- Celtics Eek Out Victory Versus Hapless Sixers, 84-80
- Celtics Split With Nets, Lose 110-101
- Bradley Leads Celtics to Drubbing of Nets, 120-95
- Mavericks Rally From 18 Down To Beat Celtics, 106-102
- Thomas leads Celtics to easy 111-95 win over Rockets
- Smart, Thomas Lead Celtics to Victory Over Thunder
- Isaiah Thomas, Celtics Hold off Hawks 106-93
- Recap: Pacers 102, Celtics 91
- Recap: Celtics 99, Bucks 83
- Sullinger Leads Way as Celtics Trounce Wizards 118-98
Saying Goodbye to Big Baby is a Move Worth Making
- Updated: June 8, 2011
The Boston Celtics know a good thing when they see it. That’s basically how the Big 3 came to be. It’s also how Danny Ainge wound up with a point guard from Kentucky, a former bench that could perhaps rival that of the Cleveland Cavaliers starting roster (ouch), and a little known player called Larry Bird, or something like that.
It’s also how the Celtics won their seventeenth NBA Championship in 2008. It’s also how the Celtics triumphed in last year’s Finals series against the Lakers, but lucked out thanks to Kendrick Perkins’ crummy knee injury.
And finally, it’s also how Glen ‘Big Baby’ Davis was signed in 2007. That’s before he became the Celtics biggest problem not named “age” in recent memory.
When Danny Ainge originally swapped Kendrick Perkins and Nate Robinson to the Oklahoma City Thunder late in the regular season, I hated it. To me it was as equally foolish as LeBron’s hour decision making process on ESPN, only, although the Celtics seemed to appear significantly worse overnight in comparison to the Heat. At the time, it was like dropping a 50 pound weight on my foot before being asked to run a marathon. The pain of watching Boston’s team grow drastically weaker was almost tasteless after a few solid years of winning, but it was a reality check that most Celtics fans needed in the long run.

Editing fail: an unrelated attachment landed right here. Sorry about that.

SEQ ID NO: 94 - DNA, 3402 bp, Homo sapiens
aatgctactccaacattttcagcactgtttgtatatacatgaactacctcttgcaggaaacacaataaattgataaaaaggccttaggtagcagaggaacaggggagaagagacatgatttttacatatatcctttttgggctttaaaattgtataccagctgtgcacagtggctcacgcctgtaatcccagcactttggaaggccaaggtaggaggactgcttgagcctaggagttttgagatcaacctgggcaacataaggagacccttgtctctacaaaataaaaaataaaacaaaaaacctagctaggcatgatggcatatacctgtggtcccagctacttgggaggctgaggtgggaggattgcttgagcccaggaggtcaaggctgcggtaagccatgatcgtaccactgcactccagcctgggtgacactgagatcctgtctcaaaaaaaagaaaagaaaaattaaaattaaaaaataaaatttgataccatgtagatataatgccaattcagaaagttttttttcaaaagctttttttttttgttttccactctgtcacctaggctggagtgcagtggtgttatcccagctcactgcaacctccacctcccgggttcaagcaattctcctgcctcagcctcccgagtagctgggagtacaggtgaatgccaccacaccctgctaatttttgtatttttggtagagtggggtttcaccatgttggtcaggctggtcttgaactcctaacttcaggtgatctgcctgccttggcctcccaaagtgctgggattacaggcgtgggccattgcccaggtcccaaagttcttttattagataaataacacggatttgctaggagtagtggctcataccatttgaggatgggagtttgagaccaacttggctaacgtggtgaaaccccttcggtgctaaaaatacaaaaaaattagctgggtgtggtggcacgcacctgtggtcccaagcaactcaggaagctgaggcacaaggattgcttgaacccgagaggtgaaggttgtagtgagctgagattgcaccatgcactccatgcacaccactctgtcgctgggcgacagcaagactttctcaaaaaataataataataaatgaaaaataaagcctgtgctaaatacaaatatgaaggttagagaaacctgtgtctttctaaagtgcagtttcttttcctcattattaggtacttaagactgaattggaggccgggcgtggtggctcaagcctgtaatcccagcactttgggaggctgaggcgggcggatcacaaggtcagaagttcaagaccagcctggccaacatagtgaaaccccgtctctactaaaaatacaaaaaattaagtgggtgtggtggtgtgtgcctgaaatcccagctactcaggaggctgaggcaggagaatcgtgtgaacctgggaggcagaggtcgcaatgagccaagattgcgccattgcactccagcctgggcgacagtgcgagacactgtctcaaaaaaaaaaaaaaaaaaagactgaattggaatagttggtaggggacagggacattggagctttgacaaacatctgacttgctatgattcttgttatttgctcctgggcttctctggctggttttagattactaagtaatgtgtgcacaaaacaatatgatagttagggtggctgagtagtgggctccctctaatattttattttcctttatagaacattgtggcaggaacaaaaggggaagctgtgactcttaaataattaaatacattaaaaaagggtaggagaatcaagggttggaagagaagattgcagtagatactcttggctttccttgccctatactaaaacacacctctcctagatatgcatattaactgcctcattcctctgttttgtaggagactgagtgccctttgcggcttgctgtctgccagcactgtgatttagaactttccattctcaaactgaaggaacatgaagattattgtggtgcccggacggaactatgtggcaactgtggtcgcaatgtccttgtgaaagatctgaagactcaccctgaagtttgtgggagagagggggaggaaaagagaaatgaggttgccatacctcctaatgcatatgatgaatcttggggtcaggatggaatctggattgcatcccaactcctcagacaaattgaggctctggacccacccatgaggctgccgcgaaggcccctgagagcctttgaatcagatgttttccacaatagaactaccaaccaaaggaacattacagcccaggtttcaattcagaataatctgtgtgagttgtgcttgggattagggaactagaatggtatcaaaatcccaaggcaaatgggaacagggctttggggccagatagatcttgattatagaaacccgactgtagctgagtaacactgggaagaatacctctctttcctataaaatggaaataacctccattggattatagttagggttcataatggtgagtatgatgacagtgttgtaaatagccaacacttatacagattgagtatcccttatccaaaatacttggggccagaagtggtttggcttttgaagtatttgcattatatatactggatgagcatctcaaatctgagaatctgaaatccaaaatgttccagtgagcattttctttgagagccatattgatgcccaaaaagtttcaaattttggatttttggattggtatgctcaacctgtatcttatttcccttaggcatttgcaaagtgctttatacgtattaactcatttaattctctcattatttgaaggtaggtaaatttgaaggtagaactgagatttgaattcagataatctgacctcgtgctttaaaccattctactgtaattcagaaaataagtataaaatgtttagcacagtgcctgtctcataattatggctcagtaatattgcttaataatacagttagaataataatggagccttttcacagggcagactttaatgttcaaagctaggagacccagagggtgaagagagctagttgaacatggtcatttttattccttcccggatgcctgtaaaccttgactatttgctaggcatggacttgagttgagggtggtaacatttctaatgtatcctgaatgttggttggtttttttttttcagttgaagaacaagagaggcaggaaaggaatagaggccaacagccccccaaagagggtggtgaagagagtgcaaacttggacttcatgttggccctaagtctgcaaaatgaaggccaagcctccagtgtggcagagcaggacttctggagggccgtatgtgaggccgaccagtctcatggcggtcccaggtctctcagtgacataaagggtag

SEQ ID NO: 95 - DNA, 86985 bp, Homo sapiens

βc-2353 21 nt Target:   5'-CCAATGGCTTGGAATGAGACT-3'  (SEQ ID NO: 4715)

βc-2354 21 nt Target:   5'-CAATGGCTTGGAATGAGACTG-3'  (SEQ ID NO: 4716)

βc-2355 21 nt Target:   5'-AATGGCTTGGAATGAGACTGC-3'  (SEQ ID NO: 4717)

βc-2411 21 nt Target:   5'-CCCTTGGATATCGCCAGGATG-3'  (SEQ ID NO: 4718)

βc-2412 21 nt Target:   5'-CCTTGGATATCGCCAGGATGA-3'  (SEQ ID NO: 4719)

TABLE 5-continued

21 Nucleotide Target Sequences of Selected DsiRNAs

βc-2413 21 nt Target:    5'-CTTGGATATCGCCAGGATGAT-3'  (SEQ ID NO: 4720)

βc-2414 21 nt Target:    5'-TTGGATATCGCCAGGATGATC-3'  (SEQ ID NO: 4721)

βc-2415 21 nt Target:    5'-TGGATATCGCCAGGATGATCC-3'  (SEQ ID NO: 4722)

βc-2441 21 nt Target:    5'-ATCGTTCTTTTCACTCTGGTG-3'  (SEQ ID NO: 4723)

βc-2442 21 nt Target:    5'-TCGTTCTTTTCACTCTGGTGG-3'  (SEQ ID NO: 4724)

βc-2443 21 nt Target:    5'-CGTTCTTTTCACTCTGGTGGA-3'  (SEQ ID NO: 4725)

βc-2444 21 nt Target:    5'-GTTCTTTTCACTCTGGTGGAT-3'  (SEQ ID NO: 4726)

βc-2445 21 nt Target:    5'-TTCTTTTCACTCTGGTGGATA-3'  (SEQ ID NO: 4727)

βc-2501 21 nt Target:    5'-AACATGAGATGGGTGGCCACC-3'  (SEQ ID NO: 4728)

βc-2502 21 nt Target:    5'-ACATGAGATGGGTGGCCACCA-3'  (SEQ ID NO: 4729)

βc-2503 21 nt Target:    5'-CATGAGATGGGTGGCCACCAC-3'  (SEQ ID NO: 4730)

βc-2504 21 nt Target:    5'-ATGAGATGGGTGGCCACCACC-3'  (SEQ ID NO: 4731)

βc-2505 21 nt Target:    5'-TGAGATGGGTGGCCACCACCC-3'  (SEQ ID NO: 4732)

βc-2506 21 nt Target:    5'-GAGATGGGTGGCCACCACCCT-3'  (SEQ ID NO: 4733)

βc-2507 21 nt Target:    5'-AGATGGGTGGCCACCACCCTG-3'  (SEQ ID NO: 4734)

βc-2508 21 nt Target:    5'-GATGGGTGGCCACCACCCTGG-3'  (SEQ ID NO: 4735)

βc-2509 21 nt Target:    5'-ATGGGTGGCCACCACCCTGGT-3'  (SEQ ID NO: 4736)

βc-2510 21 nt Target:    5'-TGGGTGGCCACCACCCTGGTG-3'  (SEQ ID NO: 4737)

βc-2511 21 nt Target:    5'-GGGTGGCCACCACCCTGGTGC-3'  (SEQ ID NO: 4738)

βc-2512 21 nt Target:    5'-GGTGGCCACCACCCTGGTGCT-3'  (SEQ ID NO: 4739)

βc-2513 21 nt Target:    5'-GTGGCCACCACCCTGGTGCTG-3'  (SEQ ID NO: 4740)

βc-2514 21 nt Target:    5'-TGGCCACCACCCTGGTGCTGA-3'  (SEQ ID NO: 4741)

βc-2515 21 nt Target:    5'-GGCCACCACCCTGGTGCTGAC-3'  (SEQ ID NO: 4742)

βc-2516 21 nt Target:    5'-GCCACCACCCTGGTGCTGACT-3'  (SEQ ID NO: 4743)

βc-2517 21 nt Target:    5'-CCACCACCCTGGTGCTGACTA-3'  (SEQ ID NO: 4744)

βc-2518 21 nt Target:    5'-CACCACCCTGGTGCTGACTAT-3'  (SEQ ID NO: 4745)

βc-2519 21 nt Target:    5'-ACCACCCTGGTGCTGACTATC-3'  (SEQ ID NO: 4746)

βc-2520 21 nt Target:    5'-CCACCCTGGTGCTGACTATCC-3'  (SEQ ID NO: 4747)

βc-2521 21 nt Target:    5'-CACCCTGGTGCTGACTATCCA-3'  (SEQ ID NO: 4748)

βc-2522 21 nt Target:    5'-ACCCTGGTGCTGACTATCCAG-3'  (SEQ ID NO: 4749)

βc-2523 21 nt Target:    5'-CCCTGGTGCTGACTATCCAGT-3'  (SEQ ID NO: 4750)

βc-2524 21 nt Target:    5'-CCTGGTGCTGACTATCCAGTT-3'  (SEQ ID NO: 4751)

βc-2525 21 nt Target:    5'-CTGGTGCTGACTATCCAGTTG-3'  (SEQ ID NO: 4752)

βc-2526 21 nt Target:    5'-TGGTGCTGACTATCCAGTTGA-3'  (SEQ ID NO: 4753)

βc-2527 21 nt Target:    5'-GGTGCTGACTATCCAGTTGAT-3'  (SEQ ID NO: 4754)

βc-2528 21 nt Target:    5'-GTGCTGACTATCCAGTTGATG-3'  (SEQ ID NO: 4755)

Yet that reality check clearly caused more harm than good. It forced an obviously talented Jeff Green to play out of his comfort zone, a noticeable problem when he shot for just 7.3 points per game in the playoffs. It forced the Celtics starters to sweat it out for an entire four quarters, rather than subbing in their usually dependable bench while laughing towards what would normally be a fairly straightforward victory. And finally, it seemed to hurt Big Baby a little — or more like, a lot — both emotionally and physically.
If time tells all, Big Baby hasn’t been his usual self for a very long time. In terms of work ethic, he’s still the determined player he always was. But in terms of production and reliability, his ongoing live play of ‘How Not to Hit the Basket’ in the playoffs, was ugly to say the least.
Perhaps none of that would matter though if Big Baby was playing solid defense. That has been the core of this Celtic team for the past three to four years, after all. But even that seems to have gone by the wayside as far as Davis is concerned, a skill that used to earn him the honor of the NBA’s Best Sixth Man award.
There’s other problems that need addressing, too. Right now, Baby has the mental age of a new coffee table. He often gives away fouls like he’s playing his own game of Hack-a-Shaq with his imaginary friend, (oh, and it’s not like the referees need any further encouragement to blow the whistle these days). While also, Davis is a little immature. In fact, you’d have an easier time predicting the weather than say, predicting Davis’ thought process.